What’s for Breakfast?
March 17, 2017
cheese stick
The Hottest Trends in Condiments
April 19, 2017

What’s Trending in Snacks?


Take a hot minute to learn more on the latest trends

Defining the gaps on a menu that could capture more profit is a unique opportunity for any foodservice operator. With some recent data offered by Datassentials and Texas Pete®, opportunities for growth are easy to understand.

Anything eaten between traditional meals and dayparts is of interest. Foods prepared for small-quantity consumption that are drivable and delivered in packaging that aids consumption are part of the discovery.

Snacks can by categorized into four groups: Salty, crunchy snacks like chips, puffs, pretzels, and fries; sweets like cookies, candy, ice cream, and cereals; natural snacks like trail mix, hummus, fruit, and veggies; and entrée snacks like mini sandwiches, pizza, wings, and nuggets.

The opportunity is with 94% of the population who told Datassentials that they had a snack food yesterday. On average, Americans have 4-5 snacks in a day. Consumers also consider a beverage a snack, and 91% consumed a “snack” beverage yesterday.

The guilty pleasure of consuming a salty snack is evident in a survey of consumers. Only 26% said that salty snacks were their favorite, yet 41% said that they eat a salty snack at least daily. Meanwhile, 34% said fruit was their favorite and 34% consumed a fruit snack every day. Twenty-three percent said cheese was their favorite, but 21% ate cheese every day.

Consumers say they are looking for healthier mini meals that are affordable, with less sugar and sodium. Look for more portable veggies and crackers that pair with a healthy dip in a grab-and-go or drivable package. Look for guacamole or salsa options with jicama sticks or yogurt-based dips with carrot sticks. Higher protein-based foods with fewer carbs offer greater perceived value.

Combining vegetables that have been braised with a spicy or savory sauce, such as Texas Pete® Wing Sauce, is working for some operators. Easy combinations of sauces, such as maple syrup or honey with a Texas Pete® hot sauce or CHA! by Texas Pete® sriracha sauce, work great with proteins. For a half-dozen more quick sauce combinations that work, try these with a snack or appetizer menu item:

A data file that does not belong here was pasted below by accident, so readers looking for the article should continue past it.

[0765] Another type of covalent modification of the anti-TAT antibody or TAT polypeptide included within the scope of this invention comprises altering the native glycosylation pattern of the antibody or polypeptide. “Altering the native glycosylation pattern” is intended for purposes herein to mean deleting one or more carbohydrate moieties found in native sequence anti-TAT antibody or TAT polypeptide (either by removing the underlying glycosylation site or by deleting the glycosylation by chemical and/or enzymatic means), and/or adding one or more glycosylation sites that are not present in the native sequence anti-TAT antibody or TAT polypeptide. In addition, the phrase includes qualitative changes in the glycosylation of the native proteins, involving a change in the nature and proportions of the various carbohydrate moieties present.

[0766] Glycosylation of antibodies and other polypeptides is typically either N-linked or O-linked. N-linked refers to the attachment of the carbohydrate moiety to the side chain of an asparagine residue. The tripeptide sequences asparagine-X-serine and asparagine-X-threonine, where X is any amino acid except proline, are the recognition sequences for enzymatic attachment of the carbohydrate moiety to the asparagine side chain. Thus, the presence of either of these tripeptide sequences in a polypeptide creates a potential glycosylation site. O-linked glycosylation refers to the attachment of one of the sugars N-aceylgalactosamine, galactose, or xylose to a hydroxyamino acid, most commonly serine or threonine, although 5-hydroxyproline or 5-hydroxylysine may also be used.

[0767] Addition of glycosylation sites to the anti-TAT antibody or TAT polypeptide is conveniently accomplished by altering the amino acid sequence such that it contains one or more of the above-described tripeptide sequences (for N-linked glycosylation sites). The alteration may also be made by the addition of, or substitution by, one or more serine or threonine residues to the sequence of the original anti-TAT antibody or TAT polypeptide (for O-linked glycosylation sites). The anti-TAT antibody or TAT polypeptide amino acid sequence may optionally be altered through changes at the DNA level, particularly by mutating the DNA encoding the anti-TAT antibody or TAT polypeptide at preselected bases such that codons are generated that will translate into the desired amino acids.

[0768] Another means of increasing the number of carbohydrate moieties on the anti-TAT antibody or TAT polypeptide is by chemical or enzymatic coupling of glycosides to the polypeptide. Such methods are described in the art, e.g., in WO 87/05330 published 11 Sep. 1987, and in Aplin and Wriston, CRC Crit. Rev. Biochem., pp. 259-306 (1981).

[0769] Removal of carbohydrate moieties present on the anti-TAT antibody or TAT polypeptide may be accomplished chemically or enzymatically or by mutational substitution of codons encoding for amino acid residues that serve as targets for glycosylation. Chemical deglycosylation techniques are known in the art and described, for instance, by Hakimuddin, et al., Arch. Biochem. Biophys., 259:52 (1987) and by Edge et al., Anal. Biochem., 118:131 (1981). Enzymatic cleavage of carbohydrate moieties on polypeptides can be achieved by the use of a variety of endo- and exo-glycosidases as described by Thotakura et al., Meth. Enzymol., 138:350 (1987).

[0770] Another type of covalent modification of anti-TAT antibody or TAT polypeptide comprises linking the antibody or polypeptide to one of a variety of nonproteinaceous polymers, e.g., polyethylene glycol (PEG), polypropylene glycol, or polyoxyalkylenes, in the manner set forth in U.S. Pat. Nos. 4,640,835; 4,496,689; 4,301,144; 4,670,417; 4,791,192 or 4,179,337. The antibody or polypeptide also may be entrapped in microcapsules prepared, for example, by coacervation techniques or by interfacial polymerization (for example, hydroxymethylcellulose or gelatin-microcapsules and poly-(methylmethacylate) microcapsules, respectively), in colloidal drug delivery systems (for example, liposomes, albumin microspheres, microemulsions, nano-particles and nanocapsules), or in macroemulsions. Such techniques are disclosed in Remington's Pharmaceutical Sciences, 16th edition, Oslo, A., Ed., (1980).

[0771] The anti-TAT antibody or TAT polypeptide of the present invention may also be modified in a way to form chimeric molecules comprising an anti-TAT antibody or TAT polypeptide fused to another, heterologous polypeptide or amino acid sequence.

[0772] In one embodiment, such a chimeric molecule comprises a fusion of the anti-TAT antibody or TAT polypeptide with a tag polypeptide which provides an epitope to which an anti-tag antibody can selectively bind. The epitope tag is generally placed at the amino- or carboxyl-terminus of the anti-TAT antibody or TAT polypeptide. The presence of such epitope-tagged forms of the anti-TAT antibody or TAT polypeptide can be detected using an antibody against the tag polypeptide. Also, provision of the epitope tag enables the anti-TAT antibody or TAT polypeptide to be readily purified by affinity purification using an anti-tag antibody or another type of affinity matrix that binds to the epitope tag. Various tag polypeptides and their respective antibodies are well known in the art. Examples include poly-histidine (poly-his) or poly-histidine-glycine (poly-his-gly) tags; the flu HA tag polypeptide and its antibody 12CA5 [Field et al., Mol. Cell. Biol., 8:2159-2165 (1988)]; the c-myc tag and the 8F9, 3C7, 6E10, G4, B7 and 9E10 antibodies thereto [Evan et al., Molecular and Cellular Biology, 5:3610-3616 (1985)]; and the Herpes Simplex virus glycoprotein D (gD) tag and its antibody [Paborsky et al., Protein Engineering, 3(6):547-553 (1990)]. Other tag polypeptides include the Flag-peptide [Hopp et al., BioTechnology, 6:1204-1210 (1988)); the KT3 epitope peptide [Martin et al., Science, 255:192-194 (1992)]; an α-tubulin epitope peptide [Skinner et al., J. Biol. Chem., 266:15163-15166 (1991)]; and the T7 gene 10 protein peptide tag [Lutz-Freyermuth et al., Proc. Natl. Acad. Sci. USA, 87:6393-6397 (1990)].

Texas Pete® Original Hot Sauce, teriyaki sauce

Application: Asian wings


Texas Pete® Fiery Sweet Sauce, Dijon mustard, sour cream

Application: Dipping sauce, wings, sandwich spread


¡Sabor! by Texas Pete® Mexican-Style Hot Sauce, Maytag sauce (Maytag blue cheese and milk melted into a sauce)

Application: Homemade potato chips, fries


Texas Pete® Hotter Hot Sauce, sour cream

Application: Spicy dip for veggie sticks, crackers, fried protein or veggies


¡Sabor! by Texas Pete® Mexican-Style Hot Sauce, cream cheese, caramelized onions

Application: Dip, sandwich spread


Texas Pete® Extra Mild Wing Sauce, maple syrup

Application: Sweet potato fries


Get to the point by merchandising a snack menu. The greatest opportunity is between lunch and dinner, but morning and late-night snacks also exist. Be sure to bundle every snack with a beverage.

Snacking occasions are being stolen from foodservice by a variety of challengers as varied as vending machines, food trucks, and convenience stores. Make sure that your operation makes a play for the extra snacking dollars. For more great ideas using Texas Pete®, check out our recipes section.